At Mass this Sunday, we heard from a missionary who worked in Nigeria. She had helped build hospitals and schools and improved access to food for the poor. In the last few years, however, Boko Haram, the Islamic terror group, had destroyed much of what the Nigerians had built. They sacked villages, killed the men and enslaved the women and children. They had blown up Catholic churches at the rate of about one per week.
Think about that last one. A prolonged, weekly campaign of Catholic church bombings. How long could that go on before a serious dent in the availability of churches occurred? After 20? After 40? That's not a lone wolf slicing the head off a French priest, that's war.
Therein lies the point. This is a global war with an ideology, not a scattered, marginally connected series of psychotics acting out. Defeating ISIS in Iraq is a good thing, but it does nothing to stop Boko Haram or any of the other groups. The recent spate of killings in Europe are terrible, but they're even worse when you connect them, appropriately, with the Islamic offensives in Libya, Egypt, Nigeria, Yemen and elsewhere.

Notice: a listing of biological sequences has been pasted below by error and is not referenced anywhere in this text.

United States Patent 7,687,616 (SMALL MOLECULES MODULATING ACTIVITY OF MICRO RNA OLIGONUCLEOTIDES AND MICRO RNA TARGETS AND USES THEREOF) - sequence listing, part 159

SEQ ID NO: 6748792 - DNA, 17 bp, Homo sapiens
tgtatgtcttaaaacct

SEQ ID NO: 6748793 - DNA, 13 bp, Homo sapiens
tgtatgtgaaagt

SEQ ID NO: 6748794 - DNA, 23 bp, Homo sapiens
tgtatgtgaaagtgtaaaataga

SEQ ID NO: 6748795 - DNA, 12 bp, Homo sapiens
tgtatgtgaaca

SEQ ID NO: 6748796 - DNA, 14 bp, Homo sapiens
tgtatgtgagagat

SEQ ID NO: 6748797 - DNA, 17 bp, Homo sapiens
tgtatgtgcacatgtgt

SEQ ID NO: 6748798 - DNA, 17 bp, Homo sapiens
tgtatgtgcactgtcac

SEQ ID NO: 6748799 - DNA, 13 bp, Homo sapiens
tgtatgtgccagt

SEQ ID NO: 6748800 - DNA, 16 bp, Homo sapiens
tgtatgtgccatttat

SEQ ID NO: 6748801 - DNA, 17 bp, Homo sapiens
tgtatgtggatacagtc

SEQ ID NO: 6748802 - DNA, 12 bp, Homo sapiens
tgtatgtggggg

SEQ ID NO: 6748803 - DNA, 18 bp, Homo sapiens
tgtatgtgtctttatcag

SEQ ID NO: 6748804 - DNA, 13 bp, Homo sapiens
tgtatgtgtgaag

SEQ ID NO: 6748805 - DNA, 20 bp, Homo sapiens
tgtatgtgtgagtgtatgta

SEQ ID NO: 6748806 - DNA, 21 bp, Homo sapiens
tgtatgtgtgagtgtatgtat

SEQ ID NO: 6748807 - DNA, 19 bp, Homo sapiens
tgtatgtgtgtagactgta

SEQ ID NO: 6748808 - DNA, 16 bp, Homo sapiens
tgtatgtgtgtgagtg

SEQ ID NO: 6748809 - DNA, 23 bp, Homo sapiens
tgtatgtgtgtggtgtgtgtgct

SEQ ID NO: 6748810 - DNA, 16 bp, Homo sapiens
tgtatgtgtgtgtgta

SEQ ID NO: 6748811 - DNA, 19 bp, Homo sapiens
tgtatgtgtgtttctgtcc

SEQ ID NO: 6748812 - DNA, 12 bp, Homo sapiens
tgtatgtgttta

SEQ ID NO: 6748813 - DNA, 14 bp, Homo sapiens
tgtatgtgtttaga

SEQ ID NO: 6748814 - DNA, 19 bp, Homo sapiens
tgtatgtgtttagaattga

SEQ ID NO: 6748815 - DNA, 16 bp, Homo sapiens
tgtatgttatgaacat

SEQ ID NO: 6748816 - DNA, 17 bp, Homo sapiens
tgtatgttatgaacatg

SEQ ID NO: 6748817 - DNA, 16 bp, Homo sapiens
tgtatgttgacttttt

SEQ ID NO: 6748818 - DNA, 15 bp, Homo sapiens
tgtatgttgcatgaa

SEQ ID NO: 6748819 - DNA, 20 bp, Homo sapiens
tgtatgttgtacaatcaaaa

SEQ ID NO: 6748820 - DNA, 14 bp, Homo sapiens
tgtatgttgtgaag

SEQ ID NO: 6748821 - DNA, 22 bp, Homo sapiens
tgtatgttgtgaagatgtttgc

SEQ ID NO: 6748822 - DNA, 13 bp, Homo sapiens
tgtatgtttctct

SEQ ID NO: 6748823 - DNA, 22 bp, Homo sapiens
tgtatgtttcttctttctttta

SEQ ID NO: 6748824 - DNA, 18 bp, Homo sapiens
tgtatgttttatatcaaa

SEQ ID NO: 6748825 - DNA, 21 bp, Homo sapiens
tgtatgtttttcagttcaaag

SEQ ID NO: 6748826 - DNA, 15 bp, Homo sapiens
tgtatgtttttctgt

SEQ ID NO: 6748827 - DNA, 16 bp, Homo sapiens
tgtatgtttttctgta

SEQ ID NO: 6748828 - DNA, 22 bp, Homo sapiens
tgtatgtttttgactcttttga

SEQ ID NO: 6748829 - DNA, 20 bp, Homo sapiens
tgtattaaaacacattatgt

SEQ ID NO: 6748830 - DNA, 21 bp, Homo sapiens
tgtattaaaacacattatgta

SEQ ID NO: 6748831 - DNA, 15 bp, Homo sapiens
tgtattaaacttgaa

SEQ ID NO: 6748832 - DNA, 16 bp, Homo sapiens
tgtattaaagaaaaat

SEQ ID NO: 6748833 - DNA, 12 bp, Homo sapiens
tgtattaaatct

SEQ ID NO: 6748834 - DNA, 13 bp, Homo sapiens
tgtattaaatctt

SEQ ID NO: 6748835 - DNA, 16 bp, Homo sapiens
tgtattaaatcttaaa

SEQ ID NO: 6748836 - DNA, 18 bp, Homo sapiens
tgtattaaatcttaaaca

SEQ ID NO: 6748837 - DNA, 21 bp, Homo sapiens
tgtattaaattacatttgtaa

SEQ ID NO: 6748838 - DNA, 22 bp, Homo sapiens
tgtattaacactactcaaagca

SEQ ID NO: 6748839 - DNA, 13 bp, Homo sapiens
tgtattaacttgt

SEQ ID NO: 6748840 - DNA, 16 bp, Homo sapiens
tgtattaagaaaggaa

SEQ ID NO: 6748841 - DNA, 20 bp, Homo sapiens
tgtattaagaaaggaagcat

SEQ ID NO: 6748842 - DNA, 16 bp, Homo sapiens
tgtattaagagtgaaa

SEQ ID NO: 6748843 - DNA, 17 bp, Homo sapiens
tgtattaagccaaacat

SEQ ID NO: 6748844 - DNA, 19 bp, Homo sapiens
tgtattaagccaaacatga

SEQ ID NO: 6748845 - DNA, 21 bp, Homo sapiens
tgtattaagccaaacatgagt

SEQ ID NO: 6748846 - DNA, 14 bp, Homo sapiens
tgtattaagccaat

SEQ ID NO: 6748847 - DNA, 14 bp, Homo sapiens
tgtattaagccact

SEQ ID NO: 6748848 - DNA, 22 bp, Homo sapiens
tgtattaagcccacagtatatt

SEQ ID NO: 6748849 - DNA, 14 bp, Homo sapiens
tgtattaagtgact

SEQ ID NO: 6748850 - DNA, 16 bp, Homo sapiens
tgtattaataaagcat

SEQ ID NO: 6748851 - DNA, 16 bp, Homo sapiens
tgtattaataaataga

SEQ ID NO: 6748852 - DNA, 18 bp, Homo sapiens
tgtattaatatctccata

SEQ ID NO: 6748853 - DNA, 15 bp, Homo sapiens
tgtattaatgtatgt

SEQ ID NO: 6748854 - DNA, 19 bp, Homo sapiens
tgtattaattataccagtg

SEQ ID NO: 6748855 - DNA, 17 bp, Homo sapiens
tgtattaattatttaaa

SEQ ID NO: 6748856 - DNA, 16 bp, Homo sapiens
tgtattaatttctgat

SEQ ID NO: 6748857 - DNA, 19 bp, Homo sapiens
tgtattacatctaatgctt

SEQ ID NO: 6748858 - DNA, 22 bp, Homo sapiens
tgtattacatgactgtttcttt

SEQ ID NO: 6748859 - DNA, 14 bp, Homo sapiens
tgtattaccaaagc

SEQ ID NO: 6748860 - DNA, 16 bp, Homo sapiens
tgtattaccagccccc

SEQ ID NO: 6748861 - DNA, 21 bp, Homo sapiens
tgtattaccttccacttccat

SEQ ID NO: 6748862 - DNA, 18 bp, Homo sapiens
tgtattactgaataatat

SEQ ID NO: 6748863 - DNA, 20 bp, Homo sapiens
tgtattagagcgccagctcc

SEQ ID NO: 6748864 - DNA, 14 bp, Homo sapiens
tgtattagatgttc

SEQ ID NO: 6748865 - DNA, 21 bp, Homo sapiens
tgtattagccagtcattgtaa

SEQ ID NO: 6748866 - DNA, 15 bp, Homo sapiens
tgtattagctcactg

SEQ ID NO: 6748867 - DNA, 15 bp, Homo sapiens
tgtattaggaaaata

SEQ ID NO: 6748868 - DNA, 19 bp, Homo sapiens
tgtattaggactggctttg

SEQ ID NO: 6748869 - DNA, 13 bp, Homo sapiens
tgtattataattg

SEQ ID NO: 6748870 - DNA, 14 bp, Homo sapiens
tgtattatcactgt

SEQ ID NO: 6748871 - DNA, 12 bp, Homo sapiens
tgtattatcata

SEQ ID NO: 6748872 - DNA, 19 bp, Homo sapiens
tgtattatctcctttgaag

We're not fighting ISIS, we're fighting a brand of Islam. If you can't admit that, the public won't harden itself for the long struggle. When capturing a few more towns in Iraq doesn't put an end to the killings around the world, what happens?
When you accomplish a goal and it doesn't lead to the rewards you expected, it's exhausting. When you accomplish a subordinate goal along a path you already knew existed, you don't expect everything to change. You've got to define the enemy if you're going to lay out that path for he public.
Finally, dig the table below. In France, 20% of young Muslims are pretty much OK with suicide bombings. Think that's localized to Europe? In the US, the number is 15%. That's less, but it's still 1 in 6. With numbers like that, you've got a decent-sized, ideologically-prepared recruiting pool to do some serious damage.